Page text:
Wednesday, January 31, 2007

No stoning please, we're Canadian

Immigrants wishing to move to the town of Herouxville, Quebec have been warned: the town council has created an ordinance against the stoning, burning, or circumcising of women. Furthermore . . .

We consider that men and women are of the same value. Having said this, we consider that a woman can; drive a car, vote, sign checks, dance, decide for herself, speak her peace, dress as she sees fit respecting of course the democratic decency, walk alone in public places, study, have a job, have her own belongings and anything else that a man can do. These are our standards and our way of life.

However, we consider that killing women in public beatings, or burning them alive are not part of our standards of life.

Other sections of the new "Standards" document inform immigrants that in Herouxville, there are no laws preventing female medical professionals from treating men, or male medical professionals from treating women. Likewise, members of emergency services, such as police officers or firefighters may also help members of both genders.

You wouldn't think such a statement would be considered controversial, would you? But apparently it is.

[T]he president of the Muslim Council of Montreal, Salam Elmenyawi, condemned the council, saying it had set back race relations decades.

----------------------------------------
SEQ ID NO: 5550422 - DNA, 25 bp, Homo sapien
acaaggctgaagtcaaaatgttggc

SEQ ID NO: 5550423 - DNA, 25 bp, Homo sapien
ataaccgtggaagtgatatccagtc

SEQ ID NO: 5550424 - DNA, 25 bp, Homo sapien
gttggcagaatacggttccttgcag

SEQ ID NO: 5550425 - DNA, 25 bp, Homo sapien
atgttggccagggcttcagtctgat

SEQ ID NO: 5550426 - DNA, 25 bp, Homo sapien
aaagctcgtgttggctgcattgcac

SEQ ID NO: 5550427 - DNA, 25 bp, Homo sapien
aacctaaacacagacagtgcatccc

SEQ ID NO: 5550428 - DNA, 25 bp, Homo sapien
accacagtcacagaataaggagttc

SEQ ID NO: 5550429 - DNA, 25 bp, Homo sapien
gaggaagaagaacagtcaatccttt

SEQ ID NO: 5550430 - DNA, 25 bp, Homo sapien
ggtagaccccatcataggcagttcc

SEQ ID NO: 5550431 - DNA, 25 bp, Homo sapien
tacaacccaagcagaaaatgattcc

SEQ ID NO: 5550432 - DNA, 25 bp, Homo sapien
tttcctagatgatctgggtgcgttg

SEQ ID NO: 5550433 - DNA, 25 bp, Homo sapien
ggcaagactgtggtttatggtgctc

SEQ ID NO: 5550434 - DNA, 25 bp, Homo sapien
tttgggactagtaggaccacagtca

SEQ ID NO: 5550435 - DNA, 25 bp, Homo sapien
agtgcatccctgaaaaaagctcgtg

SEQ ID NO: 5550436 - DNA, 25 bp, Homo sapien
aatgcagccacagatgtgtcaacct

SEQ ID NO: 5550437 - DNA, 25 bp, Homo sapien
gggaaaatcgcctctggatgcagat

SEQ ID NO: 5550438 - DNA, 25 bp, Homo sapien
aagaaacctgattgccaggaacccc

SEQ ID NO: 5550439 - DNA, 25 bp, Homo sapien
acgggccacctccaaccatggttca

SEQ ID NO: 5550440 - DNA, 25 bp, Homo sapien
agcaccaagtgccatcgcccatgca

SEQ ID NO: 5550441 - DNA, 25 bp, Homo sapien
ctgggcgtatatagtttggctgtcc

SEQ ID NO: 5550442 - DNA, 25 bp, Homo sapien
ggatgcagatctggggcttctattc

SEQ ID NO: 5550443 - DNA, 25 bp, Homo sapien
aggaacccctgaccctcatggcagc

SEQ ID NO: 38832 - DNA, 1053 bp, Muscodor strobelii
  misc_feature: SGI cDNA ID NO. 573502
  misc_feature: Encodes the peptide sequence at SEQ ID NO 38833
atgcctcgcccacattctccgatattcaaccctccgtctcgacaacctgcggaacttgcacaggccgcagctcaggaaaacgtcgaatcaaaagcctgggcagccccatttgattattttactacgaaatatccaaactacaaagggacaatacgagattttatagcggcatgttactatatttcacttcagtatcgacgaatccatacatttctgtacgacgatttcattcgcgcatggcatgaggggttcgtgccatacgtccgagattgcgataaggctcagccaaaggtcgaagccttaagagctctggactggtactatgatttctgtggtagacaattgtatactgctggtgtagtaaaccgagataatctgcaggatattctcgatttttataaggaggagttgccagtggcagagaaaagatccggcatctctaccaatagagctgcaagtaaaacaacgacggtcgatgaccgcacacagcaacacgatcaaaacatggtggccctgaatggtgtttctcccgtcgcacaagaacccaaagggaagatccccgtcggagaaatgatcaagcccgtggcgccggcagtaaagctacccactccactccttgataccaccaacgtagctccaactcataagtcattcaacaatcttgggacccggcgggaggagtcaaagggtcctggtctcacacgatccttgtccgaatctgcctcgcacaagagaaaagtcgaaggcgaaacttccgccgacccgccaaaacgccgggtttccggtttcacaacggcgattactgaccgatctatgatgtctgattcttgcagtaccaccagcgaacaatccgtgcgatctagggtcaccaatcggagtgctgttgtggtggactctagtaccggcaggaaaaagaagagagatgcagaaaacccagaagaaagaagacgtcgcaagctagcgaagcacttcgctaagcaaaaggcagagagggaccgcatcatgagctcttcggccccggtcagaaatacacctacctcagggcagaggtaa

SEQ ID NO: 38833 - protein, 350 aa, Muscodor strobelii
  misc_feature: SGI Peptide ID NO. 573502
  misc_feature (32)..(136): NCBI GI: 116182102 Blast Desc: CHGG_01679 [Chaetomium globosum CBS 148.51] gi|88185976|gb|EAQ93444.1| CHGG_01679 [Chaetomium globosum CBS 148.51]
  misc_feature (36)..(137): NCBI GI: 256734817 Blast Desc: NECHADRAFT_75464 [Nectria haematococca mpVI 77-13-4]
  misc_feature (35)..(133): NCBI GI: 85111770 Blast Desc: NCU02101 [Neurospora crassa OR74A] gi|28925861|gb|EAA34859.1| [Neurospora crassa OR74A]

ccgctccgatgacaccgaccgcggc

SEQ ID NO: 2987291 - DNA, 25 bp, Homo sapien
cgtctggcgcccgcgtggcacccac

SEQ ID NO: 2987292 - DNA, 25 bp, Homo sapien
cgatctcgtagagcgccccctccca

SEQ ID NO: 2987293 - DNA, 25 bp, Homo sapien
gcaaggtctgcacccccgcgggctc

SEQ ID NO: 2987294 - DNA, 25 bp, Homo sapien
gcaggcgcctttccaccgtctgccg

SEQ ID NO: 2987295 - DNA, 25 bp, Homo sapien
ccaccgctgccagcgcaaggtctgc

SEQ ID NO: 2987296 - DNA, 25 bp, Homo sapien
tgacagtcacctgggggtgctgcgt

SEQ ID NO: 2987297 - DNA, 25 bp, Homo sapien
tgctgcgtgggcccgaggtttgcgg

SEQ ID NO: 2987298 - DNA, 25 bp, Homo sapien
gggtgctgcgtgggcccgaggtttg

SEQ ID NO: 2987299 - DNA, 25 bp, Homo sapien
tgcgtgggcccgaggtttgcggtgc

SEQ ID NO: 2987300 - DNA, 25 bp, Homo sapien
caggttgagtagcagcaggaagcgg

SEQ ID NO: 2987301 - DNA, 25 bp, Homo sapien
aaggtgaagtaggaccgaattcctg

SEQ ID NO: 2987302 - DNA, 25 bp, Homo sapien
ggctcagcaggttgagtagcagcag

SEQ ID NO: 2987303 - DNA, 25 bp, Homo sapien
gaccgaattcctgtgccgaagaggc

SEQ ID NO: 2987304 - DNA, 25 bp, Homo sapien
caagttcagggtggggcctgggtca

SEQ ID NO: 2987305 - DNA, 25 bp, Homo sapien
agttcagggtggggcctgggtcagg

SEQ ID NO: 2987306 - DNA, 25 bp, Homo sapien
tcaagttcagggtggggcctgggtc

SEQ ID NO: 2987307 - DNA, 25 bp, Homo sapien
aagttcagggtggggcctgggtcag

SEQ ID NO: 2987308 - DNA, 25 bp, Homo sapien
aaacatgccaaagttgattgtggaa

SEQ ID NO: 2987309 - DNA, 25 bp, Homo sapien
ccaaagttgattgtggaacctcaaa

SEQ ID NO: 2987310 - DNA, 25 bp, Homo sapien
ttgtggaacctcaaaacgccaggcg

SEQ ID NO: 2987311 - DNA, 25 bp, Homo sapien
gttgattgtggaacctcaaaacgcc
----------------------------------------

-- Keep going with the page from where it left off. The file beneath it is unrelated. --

He told Reuters news agency: "I was shocked and insulted to see these kinds of false stereotypes and ignorance about Islam and our religion."

The new community standards say nothing about Muslims or Islam at all. It mentions religion in two sections: one on education where it states that schools do not have places set aside for prayer or incantation, and another on "fesitivities," which reads in part:

We listen to music, we drink alcoholic beverages in public or private places, we dance and at the end of every year we decorate a tree with balls and tinsel and some lights. This is normally called “Christmas Decorations” or also “Christmas Tree” letting us rejoice in the notion of our national heritage and not necessarily a religious holiday. These festivities are authorized in public, schools, and institutions and also in private.

The Standards document closes by informing prospective immigrants that the document is intended to help them decide whether or not they wish to make the decision to move there, while making it clear that if anyone does wish to modify their habits and customs, there is a referendum process.

So what is Elmenyawi's concern? The document makes no specific reference to Islam or any ethnic or religious group, and covers much more territory than just the treatment of women. So if it's true that Islam does not mistreat women, then Elmenyawi should feel right at home in Herouxville.

Perhaps if there was not already concern about Canadian Muslims attempting to establish Shari'a courts in Canada, community regulations like the ones in Herouxville might never have had to be written.

Download a copy of Herouxville's "controversial" document here.


Post a Comment

<< Home